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Stop the Nuisance Alarms

Alarm Management

The door opens, temperature increases, an alarm goes off, the alarm is suppressed. During an all-hands meeting with a full crowd in the break room, the temperature increases, an alarm goes off; the alarm is suppressed.

An operator, Michelle, turns to a fellow operator and says, “Why does that alarm alert every time the room isn’t 68 degrees?” 

The other operator responds, “Well, when we set up the system ten years ago, we forgot to give the temperature a range. Never went back in to fix it.”

Nuisance alarms are a pain to respond to continually. But how to make it better? 

Often, the answer lies in a combination of a better administration, tuning, and delivery of alarms. Taking the time to identify and change the nuisance alarms will help your facility to have a proactive alarm management system.

The Nuisance Alarm: A House of Cards

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Let’s consider some ways that we’ve seen operators handle nuisance alarms:

“This alarm always comes in, and it’s nothing--just ignore it.”

“We know that device has communications issues that cause that alarm--just ignore it.”

“I’m pretty sure Bob’s troubleshooting that right now, and it’s setting off alarms--just ignore it.”

“Every time we get this alarm for X, it really means Y, so ignore X and go look for Y.”

 

Ignorance is bliss--until it’s not. 

 

The human learned rules applied to nuisance alarms are a sensitive house of cards. While many facilities have these human-created filters when dealing with nuisance alarms, they don’t need to exist. Additionally, each operator has their own internal handling filters, without any documentation or unified rationalization. This can set facilities up for negative consequences when either a serious event occurs or when a new operator joins the team.

 

Proper Commissioning and Updates

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The best way to avoid any of these unfortunate situations is to conduct thorough commissioning of the alarming system AND any alarms introduced after the initial commissioning. If the mission is critical and/or small enough, it may make sense to conduct a point-to-point test of every alarm. However, not every organization has the resources or time available to complete such an extensive process.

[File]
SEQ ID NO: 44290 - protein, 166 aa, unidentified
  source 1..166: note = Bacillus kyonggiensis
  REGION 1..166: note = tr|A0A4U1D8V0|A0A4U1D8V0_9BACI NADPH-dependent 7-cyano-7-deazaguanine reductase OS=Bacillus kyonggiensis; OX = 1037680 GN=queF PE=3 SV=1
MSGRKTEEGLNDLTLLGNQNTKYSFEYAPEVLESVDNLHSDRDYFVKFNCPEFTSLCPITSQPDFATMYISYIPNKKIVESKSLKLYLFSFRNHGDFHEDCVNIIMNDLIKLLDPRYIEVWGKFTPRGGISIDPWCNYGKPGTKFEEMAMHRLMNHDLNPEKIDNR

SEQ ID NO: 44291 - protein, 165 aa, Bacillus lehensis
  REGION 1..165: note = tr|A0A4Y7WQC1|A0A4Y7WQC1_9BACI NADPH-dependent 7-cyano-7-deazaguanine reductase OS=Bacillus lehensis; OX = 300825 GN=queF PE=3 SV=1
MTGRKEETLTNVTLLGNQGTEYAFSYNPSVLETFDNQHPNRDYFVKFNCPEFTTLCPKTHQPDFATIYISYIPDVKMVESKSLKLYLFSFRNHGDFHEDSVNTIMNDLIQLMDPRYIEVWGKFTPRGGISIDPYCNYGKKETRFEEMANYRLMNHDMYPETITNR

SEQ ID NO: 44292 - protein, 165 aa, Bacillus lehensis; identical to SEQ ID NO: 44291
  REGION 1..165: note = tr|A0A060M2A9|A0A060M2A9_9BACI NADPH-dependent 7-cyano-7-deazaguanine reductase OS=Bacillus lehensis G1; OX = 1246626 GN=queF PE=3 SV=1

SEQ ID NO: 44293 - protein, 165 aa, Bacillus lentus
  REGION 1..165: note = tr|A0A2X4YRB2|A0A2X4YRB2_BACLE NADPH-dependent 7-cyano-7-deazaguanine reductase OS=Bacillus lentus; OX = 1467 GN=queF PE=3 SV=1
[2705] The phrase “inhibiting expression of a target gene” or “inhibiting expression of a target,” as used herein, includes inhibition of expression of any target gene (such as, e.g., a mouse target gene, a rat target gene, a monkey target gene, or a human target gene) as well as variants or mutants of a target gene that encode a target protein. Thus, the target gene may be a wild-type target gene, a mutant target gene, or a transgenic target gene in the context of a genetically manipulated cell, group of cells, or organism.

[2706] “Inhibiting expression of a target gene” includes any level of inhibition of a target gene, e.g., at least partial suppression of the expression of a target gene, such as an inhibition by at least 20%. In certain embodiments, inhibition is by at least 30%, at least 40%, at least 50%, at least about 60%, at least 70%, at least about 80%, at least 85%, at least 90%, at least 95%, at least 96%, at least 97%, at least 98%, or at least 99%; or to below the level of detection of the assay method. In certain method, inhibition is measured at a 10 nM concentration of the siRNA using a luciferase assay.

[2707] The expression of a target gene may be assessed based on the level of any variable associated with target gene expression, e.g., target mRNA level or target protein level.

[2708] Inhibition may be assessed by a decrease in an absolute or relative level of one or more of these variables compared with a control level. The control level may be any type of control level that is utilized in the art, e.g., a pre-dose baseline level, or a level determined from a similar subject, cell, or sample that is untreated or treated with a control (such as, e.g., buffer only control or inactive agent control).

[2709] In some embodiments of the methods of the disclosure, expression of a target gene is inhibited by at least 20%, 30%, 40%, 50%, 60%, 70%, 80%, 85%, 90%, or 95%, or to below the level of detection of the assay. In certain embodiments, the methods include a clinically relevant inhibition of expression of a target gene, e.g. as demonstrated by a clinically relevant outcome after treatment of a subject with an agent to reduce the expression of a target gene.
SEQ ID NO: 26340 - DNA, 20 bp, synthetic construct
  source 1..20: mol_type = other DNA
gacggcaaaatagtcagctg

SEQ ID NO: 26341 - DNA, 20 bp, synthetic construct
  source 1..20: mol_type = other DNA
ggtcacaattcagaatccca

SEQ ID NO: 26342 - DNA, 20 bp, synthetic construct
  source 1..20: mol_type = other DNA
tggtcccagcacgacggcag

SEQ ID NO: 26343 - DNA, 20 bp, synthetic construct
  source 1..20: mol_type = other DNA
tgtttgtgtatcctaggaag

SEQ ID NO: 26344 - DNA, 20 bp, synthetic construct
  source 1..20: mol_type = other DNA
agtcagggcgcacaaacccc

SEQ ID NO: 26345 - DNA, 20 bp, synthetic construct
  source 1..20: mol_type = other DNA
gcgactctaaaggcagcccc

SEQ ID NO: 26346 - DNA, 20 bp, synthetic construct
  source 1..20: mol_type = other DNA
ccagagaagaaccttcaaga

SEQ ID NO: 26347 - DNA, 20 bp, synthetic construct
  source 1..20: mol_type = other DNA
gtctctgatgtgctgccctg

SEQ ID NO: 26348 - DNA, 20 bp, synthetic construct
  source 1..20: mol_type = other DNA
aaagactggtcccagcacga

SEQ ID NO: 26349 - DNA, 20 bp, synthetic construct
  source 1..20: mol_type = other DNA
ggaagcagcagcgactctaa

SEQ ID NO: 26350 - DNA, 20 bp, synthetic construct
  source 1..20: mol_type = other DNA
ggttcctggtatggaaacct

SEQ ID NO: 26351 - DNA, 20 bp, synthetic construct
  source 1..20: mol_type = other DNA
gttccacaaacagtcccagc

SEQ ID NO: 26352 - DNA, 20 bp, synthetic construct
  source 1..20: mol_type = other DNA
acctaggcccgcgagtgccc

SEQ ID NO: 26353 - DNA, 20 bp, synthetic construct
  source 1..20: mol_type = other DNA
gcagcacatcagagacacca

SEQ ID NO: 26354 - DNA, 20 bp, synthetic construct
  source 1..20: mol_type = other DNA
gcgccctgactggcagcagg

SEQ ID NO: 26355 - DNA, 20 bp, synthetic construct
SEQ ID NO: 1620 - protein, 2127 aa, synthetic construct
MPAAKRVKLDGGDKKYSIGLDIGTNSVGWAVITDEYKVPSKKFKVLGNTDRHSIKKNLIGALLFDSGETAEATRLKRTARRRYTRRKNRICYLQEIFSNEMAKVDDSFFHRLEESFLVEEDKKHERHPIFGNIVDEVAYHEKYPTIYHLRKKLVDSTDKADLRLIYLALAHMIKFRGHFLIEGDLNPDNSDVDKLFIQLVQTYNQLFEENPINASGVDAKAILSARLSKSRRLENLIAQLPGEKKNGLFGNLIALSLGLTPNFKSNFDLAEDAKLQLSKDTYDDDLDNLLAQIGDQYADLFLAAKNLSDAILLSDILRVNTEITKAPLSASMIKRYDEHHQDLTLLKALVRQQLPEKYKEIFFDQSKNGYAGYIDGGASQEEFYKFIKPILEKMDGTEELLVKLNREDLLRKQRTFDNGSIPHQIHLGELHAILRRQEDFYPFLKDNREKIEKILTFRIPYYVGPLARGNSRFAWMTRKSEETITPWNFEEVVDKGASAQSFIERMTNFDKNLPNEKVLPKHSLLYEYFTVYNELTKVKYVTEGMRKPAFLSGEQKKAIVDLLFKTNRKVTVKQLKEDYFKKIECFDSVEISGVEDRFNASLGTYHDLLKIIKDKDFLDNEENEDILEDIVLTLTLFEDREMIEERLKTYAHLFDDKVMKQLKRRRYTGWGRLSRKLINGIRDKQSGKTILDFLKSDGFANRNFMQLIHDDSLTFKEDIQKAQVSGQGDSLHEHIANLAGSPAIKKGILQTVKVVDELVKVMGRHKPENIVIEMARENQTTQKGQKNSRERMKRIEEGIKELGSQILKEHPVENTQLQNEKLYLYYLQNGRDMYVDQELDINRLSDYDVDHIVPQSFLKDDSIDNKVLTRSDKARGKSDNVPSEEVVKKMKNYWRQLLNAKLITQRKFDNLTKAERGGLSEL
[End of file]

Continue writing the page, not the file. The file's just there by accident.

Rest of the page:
In these cases, several alternative methods can be explored. One approach involves introducing a “commissioning mode” for alarms, which redirects the alerts to recipients responsible for evaluating the new alarms’ behavior. After some predetermined soak period, the alarm can be released into production, assuming any issues found by the evaluation team are resolved.  

Of course, a commissioning process wouldn’t necessarily prevent the issue of alarms when someone is working on equipment. Luckily, we can expand on the commissioning mode concept with a “maintenance mode.” Like the commissioning mode, maintenance mode alerts are sent to a different distribution list. Since this distribution list will likely include recipients from the production distribution lists, we further qualify the alert with a clear indicator that this is an alert for an asset in need of maintenance.

Finally, we can extend our solution to address alarms that are triggered by communications issues.  We can add logic that looks for intermittent, stale, or insufficient data, which indicates the device is not communicating correctly with the platform.  The alert is routed to the associated severity group used for communications alarms.

 

Out-of-Box Nuisance

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Another typical nuisance example is a so-called “alarm” that indicates that an asset is performing an expected, regular operation. Many devices and system vendors will err on the side of caution by providing more out-of-the-box alerts than are necessary or lumping status indicators in with real alarms. Unfortunately, this is especially true for devices typically deployed at scale, which means your nuisance alarms will likely show up at a similar scale.  

For example, an air handler’s fan switches on, which is most likely NOT an alarm. Instead, it is an indicator that the asset performed an expected operation. First, this alarm should be removed from any alarm severity groups that will generate alerts. Depending on the specific severity group strategy, this type of alarm could be relegated to an information-only severity group, ideally the lowest severity group. Moreover, this type of information should be available as a real-time data stream that can be analyzed in the various aspects (reports, graphics, etc.) of the data infrastructure.

Find the Alarm Relief

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Stop the nuisance, and regain control of your alarm system. At Casne, we can help you fix the nuisance alarms and bring your facility peace of mind when it comes to your entire alarm system, including the development of alarm philosophy and rationalization.

Casne Engineering provides all the necessary solutions for your operational technology needs. We bring over 40 years of success in professional engineering and technology integration services for major utilities, process industries, and critical facilities. Our team of capable engineers and technologists develops and supports engineered solutions using the best of breed products and technologies. Contact us here to discuss your operational technology needs.

Topics: Alarm Management

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